Why Covid-19 booster shots are essential?

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Why Covid-19 booster shots are essential?

A new study explores differences in the duration of immunity to SARS-CoV-2 from vaccines and natural infection based on waning antibody levels and demonstrates the need for booster vaccination in curtailing breakthrough infections and reinfections.

A new study explores differences in the duration of immunity to SARS-CoV-2 from vaccines and natural infection based on waning antibody levels and demonstrates the need for booster vaccination in curtailing breakthrough infections and reinfections. (Also read: Free Covid booster doses for all adults for next 75 days from July 15 at govt clinics)

The public health response to continued outbreaks of SARS-CoV-2 requires an understanding of the durability of immunity conferred by vaccines and natural infection, the ideal timing for boosters, and the likelihood of breakthrough infections.

In the research published in the research of the 'Proceedings of the National Academy of Sciences' (PNAS) on June 15, Jeffrey P. Townsend and colleagues estimated the durability of immunity and likelihood of breakthrough infections over time using comparative evolutionary analysis.

The authors used the relatedness of the coronaviruses to integrate long-term immunological data from endemic coronavirus infections, reinfection data from close human-infecting relatives of SARS-CoV-2, waning antibody levels after natural infection from zoonotic coronaviruses, and immunological data following SARS-CoV-2 vaccination.

The analyses incorporated trends in anti-spike protein IgG antibody levels over time following vaccination with four common SARS-CoV-2 vaccines. Natural infection conferred a median of 21.5 months of protection from breakthrough infection, whereas mRNA vaccines produced by Pfizer-BioNTech and Moderna elicited antibody levels higher than natural infection, leading to a median time to breakthrough infection of 29.6 months.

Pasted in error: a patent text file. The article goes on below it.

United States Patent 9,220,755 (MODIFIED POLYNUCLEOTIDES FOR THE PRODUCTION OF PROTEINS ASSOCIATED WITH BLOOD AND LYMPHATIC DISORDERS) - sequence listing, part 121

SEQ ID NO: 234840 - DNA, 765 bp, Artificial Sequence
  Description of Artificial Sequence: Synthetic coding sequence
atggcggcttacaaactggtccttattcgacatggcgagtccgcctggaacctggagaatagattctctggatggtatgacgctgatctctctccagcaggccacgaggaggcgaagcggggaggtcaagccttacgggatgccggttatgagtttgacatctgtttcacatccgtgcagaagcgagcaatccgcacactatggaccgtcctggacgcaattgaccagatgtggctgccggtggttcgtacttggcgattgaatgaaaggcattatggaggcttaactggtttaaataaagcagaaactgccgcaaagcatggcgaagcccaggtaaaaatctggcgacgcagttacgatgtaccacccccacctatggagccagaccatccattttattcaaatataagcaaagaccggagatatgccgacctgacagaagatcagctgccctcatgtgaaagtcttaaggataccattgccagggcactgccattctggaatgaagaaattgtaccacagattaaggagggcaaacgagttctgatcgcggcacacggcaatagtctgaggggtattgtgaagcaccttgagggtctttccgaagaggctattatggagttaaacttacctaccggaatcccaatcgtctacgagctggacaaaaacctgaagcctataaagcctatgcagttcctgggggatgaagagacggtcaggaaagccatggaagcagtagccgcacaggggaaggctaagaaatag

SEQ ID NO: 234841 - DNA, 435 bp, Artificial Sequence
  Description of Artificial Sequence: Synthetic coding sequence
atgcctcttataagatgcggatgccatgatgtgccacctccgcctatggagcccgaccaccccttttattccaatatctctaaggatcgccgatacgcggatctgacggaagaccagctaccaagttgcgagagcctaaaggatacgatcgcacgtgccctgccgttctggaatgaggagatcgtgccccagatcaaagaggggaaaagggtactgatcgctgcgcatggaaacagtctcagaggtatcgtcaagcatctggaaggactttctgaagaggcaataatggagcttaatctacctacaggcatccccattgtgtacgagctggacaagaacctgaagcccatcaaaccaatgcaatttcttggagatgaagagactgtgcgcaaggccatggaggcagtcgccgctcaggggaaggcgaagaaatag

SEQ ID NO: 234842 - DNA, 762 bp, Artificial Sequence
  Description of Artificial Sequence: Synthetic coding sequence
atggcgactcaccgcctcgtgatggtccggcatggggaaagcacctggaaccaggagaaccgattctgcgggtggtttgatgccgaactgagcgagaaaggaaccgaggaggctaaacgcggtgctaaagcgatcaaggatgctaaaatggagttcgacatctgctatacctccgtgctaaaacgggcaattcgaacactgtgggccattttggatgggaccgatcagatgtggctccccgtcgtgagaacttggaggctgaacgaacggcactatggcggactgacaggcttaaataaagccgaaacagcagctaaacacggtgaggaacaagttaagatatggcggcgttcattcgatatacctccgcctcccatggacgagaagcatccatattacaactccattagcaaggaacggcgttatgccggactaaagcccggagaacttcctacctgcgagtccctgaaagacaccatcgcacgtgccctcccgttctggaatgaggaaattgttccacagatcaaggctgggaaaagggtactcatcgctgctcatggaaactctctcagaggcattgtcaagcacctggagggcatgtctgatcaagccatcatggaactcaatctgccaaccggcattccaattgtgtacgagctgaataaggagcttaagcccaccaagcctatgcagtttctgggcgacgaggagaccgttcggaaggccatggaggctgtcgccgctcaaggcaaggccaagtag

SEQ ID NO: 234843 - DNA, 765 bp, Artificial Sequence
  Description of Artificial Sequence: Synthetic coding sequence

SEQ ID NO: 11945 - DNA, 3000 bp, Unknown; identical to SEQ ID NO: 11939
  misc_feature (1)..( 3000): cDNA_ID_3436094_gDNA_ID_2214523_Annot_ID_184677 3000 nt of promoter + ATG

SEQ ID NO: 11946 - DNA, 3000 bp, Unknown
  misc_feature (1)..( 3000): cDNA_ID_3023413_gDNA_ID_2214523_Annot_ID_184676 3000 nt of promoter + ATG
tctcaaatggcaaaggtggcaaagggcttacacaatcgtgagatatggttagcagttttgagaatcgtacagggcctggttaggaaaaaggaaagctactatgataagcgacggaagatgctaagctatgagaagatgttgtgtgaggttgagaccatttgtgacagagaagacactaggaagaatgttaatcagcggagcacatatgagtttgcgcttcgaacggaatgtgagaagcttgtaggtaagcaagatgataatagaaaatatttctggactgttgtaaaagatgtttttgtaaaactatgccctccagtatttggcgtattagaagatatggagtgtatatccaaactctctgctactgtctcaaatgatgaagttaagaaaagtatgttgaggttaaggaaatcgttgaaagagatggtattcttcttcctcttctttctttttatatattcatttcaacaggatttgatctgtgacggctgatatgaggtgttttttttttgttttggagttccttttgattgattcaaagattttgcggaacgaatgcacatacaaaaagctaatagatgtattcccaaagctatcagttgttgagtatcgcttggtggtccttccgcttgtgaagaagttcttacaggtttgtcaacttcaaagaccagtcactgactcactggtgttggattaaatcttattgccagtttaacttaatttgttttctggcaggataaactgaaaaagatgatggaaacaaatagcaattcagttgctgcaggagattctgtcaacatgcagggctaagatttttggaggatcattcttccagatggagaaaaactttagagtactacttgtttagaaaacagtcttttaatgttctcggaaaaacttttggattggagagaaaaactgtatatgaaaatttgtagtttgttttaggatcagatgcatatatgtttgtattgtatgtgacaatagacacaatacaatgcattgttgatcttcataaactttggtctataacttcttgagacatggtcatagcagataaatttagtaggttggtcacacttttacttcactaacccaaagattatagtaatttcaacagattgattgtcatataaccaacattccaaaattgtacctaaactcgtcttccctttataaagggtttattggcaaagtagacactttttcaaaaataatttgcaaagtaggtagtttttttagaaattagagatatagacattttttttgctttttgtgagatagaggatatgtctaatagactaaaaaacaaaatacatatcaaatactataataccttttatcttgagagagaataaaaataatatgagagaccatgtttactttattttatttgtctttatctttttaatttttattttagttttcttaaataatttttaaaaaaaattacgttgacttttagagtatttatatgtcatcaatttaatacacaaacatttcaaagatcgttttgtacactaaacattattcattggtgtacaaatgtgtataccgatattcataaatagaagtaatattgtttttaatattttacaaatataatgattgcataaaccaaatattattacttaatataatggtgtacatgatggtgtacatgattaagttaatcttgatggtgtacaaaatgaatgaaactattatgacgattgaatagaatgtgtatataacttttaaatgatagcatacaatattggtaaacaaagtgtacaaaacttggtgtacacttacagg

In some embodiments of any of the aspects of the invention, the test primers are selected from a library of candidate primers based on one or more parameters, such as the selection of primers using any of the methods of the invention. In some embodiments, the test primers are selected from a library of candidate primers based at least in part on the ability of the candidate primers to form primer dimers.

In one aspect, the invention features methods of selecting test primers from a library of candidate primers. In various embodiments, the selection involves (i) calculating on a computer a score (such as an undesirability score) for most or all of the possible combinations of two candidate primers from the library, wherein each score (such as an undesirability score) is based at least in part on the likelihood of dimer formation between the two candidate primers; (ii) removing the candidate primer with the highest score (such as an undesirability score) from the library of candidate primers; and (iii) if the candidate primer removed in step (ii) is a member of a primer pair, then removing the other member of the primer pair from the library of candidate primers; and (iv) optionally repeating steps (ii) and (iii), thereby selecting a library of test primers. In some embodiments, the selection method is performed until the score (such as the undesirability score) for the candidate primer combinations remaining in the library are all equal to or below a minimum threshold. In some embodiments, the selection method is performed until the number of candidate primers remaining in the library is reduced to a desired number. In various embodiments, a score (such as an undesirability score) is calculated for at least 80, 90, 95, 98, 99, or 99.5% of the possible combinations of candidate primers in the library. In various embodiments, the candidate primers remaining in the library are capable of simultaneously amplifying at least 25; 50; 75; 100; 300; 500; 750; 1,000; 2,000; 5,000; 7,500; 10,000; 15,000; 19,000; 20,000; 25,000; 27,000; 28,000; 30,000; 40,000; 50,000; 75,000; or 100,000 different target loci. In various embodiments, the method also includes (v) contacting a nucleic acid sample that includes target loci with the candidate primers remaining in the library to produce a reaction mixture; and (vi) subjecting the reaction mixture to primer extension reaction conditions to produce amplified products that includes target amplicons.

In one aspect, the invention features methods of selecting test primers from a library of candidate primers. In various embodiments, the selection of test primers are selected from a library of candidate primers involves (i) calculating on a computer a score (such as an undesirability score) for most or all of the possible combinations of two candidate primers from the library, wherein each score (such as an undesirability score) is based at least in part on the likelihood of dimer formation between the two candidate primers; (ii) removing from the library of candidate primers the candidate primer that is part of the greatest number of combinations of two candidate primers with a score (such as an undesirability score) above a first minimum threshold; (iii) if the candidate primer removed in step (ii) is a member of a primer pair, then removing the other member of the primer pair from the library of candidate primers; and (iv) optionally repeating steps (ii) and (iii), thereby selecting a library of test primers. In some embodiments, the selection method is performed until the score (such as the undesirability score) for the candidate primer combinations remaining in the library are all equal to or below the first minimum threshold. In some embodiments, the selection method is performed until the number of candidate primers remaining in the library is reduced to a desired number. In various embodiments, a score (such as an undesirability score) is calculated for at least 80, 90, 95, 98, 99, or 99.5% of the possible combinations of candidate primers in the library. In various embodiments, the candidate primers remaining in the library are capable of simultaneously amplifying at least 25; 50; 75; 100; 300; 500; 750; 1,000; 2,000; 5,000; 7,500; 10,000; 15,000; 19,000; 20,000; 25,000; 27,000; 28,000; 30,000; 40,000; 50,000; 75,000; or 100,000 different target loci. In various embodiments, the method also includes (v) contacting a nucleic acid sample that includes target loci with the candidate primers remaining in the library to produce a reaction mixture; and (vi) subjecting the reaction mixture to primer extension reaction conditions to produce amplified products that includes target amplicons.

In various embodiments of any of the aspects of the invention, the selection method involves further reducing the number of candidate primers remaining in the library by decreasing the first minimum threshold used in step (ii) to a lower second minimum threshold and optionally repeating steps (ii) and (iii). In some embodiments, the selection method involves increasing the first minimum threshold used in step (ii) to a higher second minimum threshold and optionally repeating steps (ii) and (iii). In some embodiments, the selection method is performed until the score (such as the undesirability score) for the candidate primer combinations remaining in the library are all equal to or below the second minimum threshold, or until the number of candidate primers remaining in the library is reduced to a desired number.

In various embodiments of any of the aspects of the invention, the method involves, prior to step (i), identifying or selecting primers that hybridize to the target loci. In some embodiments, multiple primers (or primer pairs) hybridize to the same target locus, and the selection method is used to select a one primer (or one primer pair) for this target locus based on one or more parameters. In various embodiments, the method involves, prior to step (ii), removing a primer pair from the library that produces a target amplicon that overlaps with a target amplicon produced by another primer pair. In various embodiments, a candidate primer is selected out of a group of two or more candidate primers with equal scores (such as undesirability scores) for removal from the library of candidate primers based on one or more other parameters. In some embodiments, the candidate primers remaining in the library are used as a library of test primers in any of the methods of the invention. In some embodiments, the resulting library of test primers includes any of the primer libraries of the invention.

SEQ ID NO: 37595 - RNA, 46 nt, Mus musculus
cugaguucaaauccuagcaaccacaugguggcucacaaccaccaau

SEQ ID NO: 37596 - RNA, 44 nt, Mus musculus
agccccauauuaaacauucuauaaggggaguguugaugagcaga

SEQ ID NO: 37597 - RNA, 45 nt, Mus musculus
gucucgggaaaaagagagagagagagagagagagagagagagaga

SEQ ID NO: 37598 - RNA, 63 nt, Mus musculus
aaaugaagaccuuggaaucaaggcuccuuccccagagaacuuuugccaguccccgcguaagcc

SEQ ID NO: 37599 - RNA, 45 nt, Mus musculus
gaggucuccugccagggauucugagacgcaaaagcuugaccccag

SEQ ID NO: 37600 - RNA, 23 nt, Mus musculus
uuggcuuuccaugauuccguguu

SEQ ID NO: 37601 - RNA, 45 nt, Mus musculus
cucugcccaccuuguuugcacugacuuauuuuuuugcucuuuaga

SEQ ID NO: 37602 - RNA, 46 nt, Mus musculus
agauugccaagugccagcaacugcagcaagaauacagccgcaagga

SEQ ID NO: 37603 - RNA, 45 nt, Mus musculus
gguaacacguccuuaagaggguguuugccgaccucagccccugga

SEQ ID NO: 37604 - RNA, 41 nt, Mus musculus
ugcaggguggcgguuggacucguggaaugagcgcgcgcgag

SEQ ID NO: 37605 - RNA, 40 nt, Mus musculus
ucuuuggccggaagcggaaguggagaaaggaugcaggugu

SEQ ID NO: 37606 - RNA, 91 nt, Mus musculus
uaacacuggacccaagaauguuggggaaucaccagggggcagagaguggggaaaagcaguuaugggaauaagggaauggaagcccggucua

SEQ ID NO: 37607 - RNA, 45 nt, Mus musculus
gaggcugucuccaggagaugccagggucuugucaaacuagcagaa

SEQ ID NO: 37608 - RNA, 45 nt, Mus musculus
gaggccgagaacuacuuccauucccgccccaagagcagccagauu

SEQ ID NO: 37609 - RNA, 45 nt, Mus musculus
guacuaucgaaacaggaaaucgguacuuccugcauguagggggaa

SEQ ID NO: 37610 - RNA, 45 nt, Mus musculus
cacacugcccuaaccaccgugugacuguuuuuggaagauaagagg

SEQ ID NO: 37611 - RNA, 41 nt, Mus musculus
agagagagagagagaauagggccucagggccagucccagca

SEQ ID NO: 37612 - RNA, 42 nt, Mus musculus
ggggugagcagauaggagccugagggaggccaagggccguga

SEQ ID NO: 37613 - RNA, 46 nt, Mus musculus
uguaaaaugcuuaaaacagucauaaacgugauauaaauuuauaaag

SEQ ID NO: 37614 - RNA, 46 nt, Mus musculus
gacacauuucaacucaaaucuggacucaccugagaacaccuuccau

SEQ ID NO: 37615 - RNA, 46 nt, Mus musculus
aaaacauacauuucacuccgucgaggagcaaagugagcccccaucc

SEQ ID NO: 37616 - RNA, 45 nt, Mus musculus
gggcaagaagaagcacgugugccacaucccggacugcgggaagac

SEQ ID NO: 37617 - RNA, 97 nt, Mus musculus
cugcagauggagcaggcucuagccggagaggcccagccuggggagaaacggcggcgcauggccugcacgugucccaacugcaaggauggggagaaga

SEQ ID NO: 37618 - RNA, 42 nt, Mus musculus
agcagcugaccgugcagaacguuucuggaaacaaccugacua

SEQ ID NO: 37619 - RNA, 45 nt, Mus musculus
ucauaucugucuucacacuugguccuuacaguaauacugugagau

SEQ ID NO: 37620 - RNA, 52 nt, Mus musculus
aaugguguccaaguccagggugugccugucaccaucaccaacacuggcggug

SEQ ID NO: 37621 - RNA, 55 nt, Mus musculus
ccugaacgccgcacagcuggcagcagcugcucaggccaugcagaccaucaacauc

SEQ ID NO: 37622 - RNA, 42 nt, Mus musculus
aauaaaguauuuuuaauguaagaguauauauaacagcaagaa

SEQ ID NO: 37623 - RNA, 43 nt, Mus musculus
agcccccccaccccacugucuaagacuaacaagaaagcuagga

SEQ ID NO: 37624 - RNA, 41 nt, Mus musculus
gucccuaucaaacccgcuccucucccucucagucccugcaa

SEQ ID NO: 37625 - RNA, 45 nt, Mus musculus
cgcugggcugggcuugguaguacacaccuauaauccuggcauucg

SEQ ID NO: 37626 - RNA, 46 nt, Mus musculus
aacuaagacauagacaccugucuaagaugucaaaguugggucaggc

The authors found that viral vector vaccines produced by Oxford-AstraZeneca and Johnson & Johnson/Janssen elicited antibody levels similar to those elicited by natural infection, with median times to breakthrough infection of 22.4 months and 20.5 months, respectively.

According to the authors, the results demonstrate the need for booster vaccination in curtailing breakthrough infections and reinfections.

The authors used the relatedness of the coronaviruses to integrate long-term immunological data from endemic coronavirus infections, reinfection data from close human-infecting relatives of SARS-CoV-2, waning antibody levels after natural infection from zoonotic coronaviruses, and immunological data following SARS-CoV-2 vaccination. The analyses incorporated trends in anti-spike protein IgG antibody levels over time following vaccination with four common SARS-CoV-2 vaccines.

Natural infection conferred a median of 21.5 months of protection from breakthrough infection, whereas mRNA vaccines produced by Pfizer-BioNTech and Moderna elicited antibody levels higher than natural infection, leading to a median time to breakthrough infection of 29.6 months.

The authors found that viral vector vaccines produced by Oxford-AstraZeneca and Johnson & Johnson/Janssen elicited antibody levels similar to those elicited by natural infection, with median times to breakthrough infection of 22.4 months and 20.5 months, respectively.

According to the authors, the results demonstrate the need for booster vaccination in curtailing breakthrough infections and reinfections.

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